Integrated Corridor Management (ICM) Initiative: Dallas Demonstration Site This presentation provides an overview of the Dallas ICM Pioneer Site and its progress towards demonstrating ICM. The US 75 corridor networks are shown, and an explanation for why the ICM is needed is given. There are highlights of the ICM site, strategies, maps of the various networks, and a description of the information exchange tool ISmartNET/ SmartFusion. Also listed is the decision support system layout, categories of the ICM system, and deployment dates. Users can read this presentation to get a status update of the ICM demonstration in Dallas Transportation practitioners interested in the status of the USDOT’s ICM Initiative and its activities at the Pioneer Sites. 3/11 
Integrated Corridor Management (ICM) Overview The presentation explains what ICM is, its lifecycle process, and how transit is involved. The ITS technologies are listed, and the ICM initiative and its goals are explained. The Pioneer Sites, along with their assets and the demonstration sites, are reviewed. Also listed are data types, performance measures, transit and arterial data requirements and gaps, and AMS. This presentation can be used to learn about the ICM Initiative and lessons-learned thus far in the Initiative. Transportation practitioners interested in the status of the USDOT’s ICM Initiative and its activities at the Pioneer Sites. 3/11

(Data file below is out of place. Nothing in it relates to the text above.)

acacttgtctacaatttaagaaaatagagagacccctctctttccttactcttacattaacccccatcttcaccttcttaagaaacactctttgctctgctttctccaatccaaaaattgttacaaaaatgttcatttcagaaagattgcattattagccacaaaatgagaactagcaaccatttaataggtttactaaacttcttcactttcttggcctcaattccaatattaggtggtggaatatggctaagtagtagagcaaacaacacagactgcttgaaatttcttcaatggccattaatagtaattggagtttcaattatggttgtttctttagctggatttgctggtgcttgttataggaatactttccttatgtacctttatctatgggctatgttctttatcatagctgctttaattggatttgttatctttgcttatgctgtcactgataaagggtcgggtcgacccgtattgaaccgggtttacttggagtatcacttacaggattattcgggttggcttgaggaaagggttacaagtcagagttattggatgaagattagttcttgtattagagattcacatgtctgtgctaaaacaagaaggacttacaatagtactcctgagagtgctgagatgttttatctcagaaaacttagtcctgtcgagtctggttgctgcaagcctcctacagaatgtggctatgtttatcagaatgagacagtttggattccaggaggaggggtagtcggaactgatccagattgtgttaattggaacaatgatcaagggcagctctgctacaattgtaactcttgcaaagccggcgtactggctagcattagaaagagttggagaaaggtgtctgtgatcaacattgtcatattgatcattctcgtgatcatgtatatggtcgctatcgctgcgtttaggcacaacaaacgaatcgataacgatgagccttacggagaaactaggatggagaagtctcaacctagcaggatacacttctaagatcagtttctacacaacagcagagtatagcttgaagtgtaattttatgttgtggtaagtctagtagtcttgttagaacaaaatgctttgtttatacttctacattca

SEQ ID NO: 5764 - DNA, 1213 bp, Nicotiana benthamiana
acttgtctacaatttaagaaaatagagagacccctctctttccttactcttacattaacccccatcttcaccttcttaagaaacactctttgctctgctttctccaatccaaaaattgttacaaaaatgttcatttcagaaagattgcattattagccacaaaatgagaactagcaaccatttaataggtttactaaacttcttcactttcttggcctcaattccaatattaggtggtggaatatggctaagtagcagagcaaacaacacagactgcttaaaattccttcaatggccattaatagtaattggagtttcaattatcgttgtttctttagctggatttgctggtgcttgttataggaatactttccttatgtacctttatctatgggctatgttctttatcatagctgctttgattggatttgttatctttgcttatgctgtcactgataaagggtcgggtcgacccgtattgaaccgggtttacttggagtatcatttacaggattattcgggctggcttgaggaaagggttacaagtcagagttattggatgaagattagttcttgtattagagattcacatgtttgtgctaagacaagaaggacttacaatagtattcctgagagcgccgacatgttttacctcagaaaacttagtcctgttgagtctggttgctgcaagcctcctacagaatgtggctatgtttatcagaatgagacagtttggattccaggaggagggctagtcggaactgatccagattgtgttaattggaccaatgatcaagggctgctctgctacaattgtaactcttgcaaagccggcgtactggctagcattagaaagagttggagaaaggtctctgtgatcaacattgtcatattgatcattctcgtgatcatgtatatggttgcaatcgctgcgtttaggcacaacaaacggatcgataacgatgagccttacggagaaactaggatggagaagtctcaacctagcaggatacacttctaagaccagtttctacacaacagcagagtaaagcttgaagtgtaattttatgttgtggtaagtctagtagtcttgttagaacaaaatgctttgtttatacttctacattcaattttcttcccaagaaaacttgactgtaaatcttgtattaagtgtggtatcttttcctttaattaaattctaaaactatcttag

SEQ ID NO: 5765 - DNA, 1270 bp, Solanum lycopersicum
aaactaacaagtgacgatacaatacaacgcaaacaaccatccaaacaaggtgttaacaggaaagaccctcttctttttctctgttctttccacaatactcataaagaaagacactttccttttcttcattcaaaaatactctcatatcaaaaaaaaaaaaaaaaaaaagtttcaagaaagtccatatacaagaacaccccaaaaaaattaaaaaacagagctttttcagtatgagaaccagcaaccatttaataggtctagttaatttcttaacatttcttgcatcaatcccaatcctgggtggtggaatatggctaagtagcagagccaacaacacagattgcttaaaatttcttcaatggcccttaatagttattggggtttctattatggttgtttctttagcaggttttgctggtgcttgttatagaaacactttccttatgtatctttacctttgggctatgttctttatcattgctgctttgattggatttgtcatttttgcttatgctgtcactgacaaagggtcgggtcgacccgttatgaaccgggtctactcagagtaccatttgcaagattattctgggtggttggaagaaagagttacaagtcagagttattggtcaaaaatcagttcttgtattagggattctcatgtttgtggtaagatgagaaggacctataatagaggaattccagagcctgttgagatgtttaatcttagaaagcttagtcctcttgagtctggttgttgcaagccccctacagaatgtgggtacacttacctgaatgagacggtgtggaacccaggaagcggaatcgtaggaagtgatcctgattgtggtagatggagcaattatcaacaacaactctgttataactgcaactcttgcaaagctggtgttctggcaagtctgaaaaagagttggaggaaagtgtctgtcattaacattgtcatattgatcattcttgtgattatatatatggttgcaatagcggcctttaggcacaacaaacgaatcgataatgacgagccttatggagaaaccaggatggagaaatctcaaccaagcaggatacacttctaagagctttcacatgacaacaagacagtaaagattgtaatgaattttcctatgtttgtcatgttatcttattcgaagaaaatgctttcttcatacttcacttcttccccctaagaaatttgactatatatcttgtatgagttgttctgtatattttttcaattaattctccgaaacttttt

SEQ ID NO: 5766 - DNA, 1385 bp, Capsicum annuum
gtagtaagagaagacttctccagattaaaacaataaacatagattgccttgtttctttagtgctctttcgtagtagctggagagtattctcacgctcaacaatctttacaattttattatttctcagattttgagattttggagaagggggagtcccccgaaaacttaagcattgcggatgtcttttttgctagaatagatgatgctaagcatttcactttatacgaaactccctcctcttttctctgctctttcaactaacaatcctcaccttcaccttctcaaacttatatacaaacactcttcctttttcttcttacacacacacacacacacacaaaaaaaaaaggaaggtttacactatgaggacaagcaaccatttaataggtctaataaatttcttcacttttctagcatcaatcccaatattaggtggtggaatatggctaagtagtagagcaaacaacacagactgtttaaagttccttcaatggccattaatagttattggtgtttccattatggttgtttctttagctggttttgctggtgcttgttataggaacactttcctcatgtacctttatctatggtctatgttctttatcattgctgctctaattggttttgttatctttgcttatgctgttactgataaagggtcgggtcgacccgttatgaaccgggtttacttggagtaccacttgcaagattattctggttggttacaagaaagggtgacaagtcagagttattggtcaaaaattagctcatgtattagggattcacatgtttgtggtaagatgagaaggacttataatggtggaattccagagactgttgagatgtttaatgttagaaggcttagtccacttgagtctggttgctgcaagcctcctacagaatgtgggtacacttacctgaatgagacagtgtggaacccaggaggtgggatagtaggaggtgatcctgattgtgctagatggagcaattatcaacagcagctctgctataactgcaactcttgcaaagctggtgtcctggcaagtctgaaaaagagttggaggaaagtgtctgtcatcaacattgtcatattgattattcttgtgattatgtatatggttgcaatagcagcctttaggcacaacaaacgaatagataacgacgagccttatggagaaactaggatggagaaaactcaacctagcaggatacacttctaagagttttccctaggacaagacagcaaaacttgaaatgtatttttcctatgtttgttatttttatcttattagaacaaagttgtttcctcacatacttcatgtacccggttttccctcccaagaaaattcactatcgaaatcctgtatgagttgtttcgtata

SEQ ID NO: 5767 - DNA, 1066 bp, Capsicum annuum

Integrated Corridor Management Initiative: Analysis Modeling and Simulation (AMS) This presentation provides an overview of the ICM AMS methodology, operational conditions analysis, performance measures, strategies modeled, and analysis results. The framework for AMS and its models are listed. The three ICM AMS sites (Dallas, San Diego, and Minneapolis) and their models are shown. Performance measures, strategies, operational conditions, and analysis results are charted. Lastly, trends in results and more detailed information on the pre and post-ICM statistics are given. Users can read this presentation to gain an understanding of the ICM AMS efforts, lessons learned, and preliminary results. Transportation practitioners interested in the status of the USDOT’s ICM Initiative and its activities at the Pioneer Sites. 3/11 
Integrated Corridor Management (ICM) Initiative: San Diego Demonstration Site This presentation provides an overview of the San Diego ICM Pioneer site and its progress towards demonstrating ICM. The I-15 corridor is pictured, along with a timeline of its segmented construction. Various charts represent commutes at different times of the day, as well as the annual freeway delay. The vision, operational strategies, a context diagram, and operations data transit are reviewed. Lastly, benefits of the ICM are given, and next steps are listed. Users can read this presentation to get a status update of the ICM demonstration in San Diego Transportation practitioners interested in the status of the USDOT’s ICM Initiative and its activities at the Pioneer Sites. 3/11 
Integrated Corridor Management (ICM) Initiative: Dallas Demonstration Site This presentation provides an overview of the Dallas ICM Pioneer Site and its progress towards demonstrating ICM. The US 75 corridor networks are shown, and an explanation for why the ICM is needed is given. There are highlights of the ICM site, strategies, maps of the various networks, and a description of the information exchange tool ISmartNET/ SmartFusion. Also listed is the decision support system layout, categories of the ICM system, and deployment dates. Users can read this presentation to get a status update of the ICM demonstration in Dallas Transportation practitioners interested in the status of the USDOT’s ICM Initiative and its activities at the Pioneer Sites. 3/11